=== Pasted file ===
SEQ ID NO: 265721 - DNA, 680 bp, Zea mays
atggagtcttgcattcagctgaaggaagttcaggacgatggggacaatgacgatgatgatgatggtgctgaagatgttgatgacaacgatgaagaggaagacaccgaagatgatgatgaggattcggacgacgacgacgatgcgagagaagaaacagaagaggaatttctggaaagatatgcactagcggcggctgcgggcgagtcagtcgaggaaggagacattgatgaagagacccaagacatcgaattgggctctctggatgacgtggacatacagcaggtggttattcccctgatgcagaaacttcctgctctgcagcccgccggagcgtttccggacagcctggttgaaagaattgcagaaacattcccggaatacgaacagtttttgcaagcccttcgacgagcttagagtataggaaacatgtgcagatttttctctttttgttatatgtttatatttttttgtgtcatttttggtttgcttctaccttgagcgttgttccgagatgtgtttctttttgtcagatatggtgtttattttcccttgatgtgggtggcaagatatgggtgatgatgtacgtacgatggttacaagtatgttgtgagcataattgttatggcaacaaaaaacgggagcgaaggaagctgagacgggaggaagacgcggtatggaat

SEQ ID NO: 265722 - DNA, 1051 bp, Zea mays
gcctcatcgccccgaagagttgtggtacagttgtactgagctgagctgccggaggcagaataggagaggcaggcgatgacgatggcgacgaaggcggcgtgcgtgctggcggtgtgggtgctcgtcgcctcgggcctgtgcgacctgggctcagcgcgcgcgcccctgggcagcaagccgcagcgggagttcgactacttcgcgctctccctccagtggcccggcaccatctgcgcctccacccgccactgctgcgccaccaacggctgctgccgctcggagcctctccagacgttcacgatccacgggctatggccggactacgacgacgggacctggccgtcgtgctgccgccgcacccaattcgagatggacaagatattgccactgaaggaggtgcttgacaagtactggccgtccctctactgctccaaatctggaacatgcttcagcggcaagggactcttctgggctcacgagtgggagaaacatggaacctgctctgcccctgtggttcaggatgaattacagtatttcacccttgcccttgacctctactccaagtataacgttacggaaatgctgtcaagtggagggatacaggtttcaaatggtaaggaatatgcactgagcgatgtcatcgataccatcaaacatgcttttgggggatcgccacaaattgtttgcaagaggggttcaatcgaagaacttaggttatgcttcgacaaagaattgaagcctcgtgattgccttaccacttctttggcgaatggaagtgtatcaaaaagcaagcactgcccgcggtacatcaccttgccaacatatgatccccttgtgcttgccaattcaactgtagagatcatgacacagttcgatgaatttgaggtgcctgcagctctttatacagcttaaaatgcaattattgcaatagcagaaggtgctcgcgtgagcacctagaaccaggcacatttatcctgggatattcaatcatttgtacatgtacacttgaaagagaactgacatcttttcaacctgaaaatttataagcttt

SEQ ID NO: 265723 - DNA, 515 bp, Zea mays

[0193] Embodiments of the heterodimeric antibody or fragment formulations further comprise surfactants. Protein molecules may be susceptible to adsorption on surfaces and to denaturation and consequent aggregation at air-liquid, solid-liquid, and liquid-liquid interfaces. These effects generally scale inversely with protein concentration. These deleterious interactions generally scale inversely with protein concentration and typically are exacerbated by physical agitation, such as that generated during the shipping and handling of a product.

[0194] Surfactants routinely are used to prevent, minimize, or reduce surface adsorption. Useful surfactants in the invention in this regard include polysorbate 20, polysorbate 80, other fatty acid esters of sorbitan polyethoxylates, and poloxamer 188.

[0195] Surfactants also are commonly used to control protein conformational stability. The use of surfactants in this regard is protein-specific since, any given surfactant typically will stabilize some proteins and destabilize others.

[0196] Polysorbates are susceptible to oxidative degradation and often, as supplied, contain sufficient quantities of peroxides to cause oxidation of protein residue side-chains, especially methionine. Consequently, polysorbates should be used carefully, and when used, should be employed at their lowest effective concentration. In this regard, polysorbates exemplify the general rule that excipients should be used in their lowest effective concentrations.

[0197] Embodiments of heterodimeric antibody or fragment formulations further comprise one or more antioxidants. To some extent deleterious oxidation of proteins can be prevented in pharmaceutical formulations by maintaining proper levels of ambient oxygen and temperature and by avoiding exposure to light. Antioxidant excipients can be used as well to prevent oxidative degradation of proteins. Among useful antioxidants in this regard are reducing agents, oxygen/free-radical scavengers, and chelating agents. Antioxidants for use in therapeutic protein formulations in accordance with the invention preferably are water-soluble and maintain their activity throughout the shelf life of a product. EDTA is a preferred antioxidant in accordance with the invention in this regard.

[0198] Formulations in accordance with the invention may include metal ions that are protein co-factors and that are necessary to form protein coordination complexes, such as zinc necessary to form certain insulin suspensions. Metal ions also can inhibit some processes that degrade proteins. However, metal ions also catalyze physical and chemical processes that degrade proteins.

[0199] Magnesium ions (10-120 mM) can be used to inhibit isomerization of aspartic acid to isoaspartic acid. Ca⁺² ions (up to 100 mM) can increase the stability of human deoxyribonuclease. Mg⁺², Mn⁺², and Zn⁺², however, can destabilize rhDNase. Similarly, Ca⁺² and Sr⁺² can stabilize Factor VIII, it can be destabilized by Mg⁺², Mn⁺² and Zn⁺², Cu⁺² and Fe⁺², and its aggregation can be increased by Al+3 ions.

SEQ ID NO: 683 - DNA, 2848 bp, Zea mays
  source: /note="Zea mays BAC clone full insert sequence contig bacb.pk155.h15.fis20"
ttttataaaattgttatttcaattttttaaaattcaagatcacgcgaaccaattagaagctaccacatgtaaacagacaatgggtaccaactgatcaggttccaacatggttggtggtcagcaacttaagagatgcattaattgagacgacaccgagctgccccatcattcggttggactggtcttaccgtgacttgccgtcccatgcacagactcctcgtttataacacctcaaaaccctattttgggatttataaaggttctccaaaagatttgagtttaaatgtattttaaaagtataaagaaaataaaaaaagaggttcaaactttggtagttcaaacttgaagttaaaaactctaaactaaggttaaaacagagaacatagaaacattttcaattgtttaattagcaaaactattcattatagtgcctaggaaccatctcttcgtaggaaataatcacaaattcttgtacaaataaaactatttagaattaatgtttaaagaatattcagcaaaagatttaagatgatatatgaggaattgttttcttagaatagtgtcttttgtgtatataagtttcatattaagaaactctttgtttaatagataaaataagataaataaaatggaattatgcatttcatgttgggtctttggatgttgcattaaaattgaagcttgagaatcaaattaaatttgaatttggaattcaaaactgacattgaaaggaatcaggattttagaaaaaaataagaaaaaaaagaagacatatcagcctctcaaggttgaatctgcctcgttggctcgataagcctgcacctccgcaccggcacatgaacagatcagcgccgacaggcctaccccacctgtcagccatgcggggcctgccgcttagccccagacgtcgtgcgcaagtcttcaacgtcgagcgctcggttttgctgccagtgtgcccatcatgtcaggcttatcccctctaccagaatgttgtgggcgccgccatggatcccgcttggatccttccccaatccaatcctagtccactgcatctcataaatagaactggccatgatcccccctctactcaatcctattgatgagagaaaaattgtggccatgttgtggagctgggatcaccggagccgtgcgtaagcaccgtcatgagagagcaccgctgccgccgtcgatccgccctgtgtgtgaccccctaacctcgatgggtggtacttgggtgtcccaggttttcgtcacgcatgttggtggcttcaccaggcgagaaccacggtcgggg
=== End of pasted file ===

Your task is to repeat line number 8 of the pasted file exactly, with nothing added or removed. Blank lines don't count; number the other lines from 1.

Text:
[0195] Surfactants also are commonly used to control protein conformational stability. The use of surfactants in this regard is protein-specific since, any given surfactant typically will stabilize some proteins and destabilize others.